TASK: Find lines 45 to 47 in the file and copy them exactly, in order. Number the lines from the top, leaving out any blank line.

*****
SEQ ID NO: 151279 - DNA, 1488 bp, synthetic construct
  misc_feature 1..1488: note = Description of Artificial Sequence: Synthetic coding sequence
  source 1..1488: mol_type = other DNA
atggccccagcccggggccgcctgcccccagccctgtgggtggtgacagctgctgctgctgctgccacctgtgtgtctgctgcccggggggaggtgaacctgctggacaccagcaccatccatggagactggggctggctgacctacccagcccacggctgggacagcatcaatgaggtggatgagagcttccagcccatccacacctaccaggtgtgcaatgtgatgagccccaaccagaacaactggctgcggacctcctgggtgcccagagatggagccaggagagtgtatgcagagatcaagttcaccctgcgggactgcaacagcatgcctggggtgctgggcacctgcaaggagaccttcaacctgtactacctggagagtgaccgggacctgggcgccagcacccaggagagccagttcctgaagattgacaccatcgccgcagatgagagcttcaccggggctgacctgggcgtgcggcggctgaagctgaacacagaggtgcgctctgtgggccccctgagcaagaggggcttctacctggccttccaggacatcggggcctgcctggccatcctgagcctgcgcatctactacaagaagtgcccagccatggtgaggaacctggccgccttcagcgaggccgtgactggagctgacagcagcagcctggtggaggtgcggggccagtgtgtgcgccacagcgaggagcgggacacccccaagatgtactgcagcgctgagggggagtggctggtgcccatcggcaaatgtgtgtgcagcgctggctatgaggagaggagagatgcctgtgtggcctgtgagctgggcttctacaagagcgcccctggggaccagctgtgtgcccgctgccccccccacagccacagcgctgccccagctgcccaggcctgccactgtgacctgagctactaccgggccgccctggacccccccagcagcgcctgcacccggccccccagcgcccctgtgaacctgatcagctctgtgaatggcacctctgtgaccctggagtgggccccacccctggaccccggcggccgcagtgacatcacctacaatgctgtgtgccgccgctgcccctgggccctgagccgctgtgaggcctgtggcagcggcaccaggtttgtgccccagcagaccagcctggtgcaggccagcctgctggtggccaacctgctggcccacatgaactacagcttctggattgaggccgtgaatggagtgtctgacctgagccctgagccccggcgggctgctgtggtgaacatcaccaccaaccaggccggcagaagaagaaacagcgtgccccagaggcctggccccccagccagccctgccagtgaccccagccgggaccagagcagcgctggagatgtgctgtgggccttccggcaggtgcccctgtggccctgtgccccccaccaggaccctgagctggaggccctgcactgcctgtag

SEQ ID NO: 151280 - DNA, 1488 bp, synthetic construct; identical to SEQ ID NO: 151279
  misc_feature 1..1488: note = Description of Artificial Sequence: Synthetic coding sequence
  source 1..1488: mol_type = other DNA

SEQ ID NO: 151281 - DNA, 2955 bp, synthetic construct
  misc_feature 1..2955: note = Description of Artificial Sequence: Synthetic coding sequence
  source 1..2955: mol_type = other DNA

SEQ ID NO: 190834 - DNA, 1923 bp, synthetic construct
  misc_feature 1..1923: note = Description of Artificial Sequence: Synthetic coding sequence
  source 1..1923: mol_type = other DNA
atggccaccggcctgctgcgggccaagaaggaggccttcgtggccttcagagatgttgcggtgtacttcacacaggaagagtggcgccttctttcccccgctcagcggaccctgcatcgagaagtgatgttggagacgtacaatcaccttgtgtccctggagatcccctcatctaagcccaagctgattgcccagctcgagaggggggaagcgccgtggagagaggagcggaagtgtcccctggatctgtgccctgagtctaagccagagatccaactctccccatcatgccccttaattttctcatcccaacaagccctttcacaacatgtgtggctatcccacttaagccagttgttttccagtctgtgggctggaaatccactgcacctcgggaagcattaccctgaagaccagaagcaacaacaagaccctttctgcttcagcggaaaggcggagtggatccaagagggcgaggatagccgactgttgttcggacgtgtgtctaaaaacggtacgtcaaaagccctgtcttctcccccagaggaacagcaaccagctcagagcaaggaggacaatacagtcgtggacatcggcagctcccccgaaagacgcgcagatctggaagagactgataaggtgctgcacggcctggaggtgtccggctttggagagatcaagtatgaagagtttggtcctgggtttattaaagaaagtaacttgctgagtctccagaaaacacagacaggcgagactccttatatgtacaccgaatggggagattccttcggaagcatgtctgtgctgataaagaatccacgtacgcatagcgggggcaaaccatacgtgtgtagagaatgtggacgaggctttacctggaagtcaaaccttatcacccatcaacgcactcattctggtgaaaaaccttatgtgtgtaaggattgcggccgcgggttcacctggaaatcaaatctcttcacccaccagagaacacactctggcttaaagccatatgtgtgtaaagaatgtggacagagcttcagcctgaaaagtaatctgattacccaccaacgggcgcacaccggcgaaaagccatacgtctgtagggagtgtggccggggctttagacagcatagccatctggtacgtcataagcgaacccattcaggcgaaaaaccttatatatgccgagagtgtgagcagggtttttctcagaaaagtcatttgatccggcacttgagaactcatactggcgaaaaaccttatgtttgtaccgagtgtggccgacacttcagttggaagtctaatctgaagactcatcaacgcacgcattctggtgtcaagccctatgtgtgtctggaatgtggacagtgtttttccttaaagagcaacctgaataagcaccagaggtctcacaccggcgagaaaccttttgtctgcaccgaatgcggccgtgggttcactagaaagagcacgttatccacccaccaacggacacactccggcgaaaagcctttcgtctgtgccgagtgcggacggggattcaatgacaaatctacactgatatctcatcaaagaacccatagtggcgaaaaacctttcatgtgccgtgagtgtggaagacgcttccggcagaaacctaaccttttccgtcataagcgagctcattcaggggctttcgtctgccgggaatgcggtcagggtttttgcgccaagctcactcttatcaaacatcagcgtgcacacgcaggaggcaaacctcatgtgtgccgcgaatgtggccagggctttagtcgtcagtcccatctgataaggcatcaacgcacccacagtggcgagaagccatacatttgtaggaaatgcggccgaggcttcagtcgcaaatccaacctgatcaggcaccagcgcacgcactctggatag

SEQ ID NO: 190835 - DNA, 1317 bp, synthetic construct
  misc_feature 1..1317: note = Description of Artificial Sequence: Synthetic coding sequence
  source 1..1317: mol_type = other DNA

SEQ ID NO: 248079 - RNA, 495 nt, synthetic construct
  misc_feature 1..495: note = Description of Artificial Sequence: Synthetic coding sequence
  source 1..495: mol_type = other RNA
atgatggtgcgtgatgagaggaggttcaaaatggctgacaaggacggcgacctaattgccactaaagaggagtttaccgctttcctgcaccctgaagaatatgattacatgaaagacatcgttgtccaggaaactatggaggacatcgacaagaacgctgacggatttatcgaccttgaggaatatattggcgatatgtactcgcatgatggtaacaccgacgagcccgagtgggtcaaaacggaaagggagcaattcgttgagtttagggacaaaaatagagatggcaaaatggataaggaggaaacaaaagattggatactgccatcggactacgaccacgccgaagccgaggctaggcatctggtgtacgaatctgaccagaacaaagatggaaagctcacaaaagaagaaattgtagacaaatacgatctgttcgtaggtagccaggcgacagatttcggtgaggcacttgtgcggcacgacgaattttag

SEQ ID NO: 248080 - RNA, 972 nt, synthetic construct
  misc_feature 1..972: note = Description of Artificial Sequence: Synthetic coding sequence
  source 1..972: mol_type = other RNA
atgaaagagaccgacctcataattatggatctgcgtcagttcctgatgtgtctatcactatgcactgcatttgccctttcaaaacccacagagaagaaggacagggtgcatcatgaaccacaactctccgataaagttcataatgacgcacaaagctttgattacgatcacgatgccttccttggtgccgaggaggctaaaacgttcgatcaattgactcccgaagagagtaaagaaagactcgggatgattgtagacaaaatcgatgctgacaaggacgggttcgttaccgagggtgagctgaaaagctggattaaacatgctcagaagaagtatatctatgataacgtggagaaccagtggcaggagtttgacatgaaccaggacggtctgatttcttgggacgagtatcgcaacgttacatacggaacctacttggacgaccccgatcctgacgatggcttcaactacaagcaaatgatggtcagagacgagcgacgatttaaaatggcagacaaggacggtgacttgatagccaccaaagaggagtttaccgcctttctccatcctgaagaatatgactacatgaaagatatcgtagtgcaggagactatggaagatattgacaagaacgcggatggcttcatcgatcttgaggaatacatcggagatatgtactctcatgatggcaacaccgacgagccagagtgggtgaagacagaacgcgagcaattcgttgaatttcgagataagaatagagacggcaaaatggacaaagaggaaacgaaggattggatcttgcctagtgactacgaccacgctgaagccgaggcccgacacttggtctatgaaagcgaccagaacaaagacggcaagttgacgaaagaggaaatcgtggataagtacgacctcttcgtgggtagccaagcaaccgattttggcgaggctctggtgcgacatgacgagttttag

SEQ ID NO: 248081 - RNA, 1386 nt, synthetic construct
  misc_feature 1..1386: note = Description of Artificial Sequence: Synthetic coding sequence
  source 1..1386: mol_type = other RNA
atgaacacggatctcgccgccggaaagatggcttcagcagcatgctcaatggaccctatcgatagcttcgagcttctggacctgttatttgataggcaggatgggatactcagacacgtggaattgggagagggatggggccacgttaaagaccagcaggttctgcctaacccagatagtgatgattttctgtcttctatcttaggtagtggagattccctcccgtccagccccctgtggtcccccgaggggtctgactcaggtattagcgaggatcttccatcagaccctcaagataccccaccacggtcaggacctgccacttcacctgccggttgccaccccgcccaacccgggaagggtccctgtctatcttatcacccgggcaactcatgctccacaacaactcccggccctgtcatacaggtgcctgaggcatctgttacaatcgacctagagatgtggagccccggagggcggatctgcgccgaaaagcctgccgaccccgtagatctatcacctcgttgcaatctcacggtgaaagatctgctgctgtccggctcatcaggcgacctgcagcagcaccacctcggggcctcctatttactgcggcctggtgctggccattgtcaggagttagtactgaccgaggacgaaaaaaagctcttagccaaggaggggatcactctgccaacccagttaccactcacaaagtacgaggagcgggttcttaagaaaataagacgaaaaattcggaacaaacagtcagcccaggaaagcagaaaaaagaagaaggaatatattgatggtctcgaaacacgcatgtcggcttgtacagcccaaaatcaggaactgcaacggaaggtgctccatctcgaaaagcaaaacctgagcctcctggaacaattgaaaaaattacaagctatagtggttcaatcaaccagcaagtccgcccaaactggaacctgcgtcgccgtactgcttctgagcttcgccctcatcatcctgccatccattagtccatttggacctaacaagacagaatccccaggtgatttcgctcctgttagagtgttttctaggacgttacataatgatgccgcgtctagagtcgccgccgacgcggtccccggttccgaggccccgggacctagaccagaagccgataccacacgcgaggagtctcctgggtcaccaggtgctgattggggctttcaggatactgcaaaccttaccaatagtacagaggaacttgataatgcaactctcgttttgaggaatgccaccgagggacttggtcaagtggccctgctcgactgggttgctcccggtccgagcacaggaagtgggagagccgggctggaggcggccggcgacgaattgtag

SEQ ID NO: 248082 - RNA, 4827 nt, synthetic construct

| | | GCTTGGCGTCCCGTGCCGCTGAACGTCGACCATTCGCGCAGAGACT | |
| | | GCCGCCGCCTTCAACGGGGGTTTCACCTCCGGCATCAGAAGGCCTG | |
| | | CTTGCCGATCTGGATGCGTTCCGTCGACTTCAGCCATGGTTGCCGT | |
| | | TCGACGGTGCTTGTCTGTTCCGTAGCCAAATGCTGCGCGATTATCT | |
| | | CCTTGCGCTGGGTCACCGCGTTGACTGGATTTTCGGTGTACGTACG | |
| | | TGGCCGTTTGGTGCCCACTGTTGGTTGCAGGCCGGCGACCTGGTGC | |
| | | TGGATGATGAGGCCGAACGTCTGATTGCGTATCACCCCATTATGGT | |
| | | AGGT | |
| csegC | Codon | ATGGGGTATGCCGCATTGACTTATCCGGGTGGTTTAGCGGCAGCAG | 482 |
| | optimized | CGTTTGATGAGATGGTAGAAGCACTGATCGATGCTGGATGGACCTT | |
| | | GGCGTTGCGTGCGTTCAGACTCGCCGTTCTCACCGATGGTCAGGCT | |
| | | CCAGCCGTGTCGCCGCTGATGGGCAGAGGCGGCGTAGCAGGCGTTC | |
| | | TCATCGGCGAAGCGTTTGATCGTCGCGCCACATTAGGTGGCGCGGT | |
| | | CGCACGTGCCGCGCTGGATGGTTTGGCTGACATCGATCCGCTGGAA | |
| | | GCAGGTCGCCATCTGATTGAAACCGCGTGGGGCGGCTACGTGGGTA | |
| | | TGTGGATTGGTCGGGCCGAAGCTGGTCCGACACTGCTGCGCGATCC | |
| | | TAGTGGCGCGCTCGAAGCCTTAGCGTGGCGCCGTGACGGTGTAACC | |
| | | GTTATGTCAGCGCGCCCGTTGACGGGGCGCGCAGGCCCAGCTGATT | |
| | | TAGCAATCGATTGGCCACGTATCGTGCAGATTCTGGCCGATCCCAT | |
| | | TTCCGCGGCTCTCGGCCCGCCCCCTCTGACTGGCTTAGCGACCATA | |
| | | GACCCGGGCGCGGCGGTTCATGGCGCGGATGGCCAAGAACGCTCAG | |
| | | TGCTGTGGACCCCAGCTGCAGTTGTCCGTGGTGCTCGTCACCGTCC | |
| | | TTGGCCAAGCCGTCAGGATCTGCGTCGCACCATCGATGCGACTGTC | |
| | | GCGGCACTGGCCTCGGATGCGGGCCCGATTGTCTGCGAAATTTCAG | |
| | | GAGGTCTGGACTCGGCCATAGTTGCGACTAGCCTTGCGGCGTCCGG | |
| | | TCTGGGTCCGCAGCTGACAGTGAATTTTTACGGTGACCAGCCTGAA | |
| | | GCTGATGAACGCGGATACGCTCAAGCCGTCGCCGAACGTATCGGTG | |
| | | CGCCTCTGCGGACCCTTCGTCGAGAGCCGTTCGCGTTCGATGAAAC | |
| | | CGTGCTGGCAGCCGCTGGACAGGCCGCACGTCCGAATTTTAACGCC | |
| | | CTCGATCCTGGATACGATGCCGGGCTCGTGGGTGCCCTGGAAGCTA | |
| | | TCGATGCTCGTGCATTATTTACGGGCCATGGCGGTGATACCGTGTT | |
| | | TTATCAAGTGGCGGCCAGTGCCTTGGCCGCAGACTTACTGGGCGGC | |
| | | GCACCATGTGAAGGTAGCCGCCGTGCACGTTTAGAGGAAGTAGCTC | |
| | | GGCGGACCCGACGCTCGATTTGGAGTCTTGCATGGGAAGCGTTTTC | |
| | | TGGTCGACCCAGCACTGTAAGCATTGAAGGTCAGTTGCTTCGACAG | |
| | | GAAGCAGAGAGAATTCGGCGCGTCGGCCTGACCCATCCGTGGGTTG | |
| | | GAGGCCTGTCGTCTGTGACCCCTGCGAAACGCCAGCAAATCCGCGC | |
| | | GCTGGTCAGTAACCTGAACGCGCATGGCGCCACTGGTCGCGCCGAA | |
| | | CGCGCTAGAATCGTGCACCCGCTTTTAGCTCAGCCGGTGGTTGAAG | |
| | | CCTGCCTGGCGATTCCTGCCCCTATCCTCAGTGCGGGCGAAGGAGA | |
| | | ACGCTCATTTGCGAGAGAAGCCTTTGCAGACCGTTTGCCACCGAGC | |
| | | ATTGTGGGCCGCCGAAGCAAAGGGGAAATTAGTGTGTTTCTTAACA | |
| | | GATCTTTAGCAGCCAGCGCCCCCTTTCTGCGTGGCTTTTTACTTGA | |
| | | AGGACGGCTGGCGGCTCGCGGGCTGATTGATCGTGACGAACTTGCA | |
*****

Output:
| | | GCAGGTCGCCATCTGATTGAAACCGCGTGGGGCGGCTACGTGGGTA | |
| | | TGTGGATTGGTCGGGCCGAAGCTGGTCCGACACTGCTGCGCGATCC | |
| | | TAGTGGCGCGCTCGAAGCCTTAGCGTGGCGCCGTGACGGTGTAACC | |